Wall Street stock futures and European shares dipped following a chaotic US presidential debate, while further signs of China’s economic recovery failed to lift market sentiment.
Futures for America’s S&P 500 erased initial gains to turn 0.9 per cent lower as investors responded to a 90-minute debate between US president Donald Trump and Democratic challenger Joe Biden, which at times descended into a verbal brawl. The European Stock 600 shares index fell 0.3 per cent and London’s FTSE 100 lost 0.2 per cent.
When asked repeatedly whether he would commit to respecting the results of November’s election, Mr Trump instead reiterated his assertions of widespread voter fraud.
“His suggestion that he would actively contest the results for weeks after the ballots are counted increases the level of uncertainty for market participants and will likely lead to higher volatility as we approach election day,” said Mark Haefele, chief investment officer for global wealth management at UBS.
Fears of a disputed election have driven up futures tied to the Vix, an index of market volatility known as the “fear gauge”, indicating investor concern. US stock futures are thinly traded during Asian hours, which can exacerbate volatility.
“Markets are already fretting over a contested election,” said Kristina Hooper, chief global market strategist at Invesco. “I would expect stock market volatility and short-term stock market sell-offs in the weeks leading up to the election.”
China’s CSI 300 index of Shanghai and Shenzhen-listed stocks gave up early gains to fall 0.1 per cent, while Hong Kong’s Hang Seng rose 0.8 per cent after the index gave back some of its earlier strength.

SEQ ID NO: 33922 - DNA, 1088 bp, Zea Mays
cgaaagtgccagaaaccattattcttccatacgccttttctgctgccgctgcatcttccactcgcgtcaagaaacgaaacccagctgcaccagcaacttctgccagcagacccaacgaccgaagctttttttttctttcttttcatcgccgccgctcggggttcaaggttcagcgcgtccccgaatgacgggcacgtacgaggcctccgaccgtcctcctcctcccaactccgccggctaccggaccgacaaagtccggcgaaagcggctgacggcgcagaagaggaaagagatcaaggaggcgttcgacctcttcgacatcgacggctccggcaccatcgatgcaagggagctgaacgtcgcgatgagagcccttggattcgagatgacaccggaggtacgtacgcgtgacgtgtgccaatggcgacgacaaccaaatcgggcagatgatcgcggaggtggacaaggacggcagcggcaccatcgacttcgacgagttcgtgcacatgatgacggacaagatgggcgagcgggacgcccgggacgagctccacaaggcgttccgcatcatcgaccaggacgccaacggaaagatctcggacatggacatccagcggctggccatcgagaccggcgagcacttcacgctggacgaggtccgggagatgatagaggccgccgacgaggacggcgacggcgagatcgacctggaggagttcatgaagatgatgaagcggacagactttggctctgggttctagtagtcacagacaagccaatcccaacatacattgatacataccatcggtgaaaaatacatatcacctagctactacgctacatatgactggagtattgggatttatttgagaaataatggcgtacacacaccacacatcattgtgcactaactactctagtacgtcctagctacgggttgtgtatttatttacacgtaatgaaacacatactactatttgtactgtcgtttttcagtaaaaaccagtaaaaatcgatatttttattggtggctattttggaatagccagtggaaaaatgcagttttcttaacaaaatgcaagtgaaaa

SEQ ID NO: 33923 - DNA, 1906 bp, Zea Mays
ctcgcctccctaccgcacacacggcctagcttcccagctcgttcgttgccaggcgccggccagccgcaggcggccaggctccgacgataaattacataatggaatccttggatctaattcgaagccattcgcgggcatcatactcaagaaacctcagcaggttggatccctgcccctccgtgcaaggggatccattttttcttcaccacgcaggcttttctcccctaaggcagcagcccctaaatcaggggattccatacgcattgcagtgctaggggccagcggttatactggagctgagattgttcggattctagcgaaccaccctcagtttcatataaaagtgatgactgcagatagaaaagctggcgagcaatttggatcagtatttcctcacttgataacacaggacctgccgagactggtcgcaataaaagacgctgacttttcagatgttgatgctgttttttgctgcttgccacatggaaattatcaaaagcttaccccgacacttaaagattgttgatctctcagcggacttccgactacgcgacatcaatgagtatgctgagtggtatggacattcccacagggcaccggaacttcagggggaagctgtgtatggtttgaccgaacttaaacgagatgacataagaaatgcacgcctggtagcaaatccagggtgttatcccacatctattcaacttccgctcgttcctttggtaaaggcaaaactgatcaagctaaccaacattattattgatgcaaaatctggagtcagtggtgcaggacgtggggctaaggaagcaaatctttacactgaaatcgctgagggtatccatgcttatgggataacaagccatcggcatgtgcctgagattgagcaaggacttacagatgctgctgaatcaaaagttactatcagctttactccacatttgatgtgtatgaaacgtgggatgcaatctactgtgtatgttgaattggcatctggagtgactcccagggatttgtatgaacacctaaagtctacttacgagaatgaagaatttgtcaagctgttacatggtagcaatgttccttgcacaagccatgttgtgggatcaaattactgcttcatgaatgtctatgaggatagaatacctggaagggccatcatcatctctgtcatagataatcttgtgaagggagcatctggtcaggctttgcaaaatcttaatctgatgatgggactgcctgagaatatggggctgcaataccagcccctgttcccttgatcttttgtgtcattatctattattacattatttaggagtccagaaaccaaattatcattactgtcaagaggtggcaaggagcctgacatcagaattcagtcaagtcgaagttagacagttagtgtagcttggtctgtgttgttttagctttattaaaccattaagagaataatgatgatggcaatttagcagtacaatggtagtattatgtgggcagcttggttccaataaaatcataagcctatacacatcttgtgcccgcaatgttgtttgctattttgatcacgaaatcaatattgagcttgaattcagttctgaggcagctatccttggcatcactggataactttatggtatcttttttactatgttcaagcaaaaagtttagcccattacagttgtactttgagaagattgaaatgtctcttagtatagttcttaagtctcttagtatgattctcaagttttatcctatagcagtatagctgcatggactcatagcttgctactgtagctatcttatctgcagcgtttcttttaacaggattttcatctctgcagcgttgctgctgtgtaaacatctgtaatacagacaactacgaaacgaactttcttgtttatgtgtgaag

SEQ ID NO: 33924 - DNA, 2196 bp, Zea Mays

Chinese stocks initially climbed after data showed that manufacturing activity in September was better than economists’ expectations. New export orders rose for the first time since the Covid-19 pandemic began.
“The upbeat . . . readings suggest that [the] recovery is gaining steam and will likely extend into” the fourth quarter, said Xiangrong Yu, senior China economist at Citigroup.
But some analysts highlighted pitfalls for Chinese markets surrounding the US election.
“China’s outlook still looks challenging particularly against the unfavourable geopolitical dynamics,” said Hao Zhou, an analyst at Commerzbank in Singapore. “The US election is around the corner, which posts an event risk for the market in the short term.”
Japan’s Topix index fell 1.7 per cent and Australia’s S&P/ASX 200 dropped 1.9 per cent.
In currencies, China’s renminbi was on track to notch its best quarter since the global financial crisis in 2008, with the onshore exchange rate rising 0.1 per cent on Wednesday to Rmb6.8104 per dollar.
The index tracking the dollar against trading partners’ currencies hovered around a two-month high, reflecting how investors view the US currency as a shelter from economic shocks.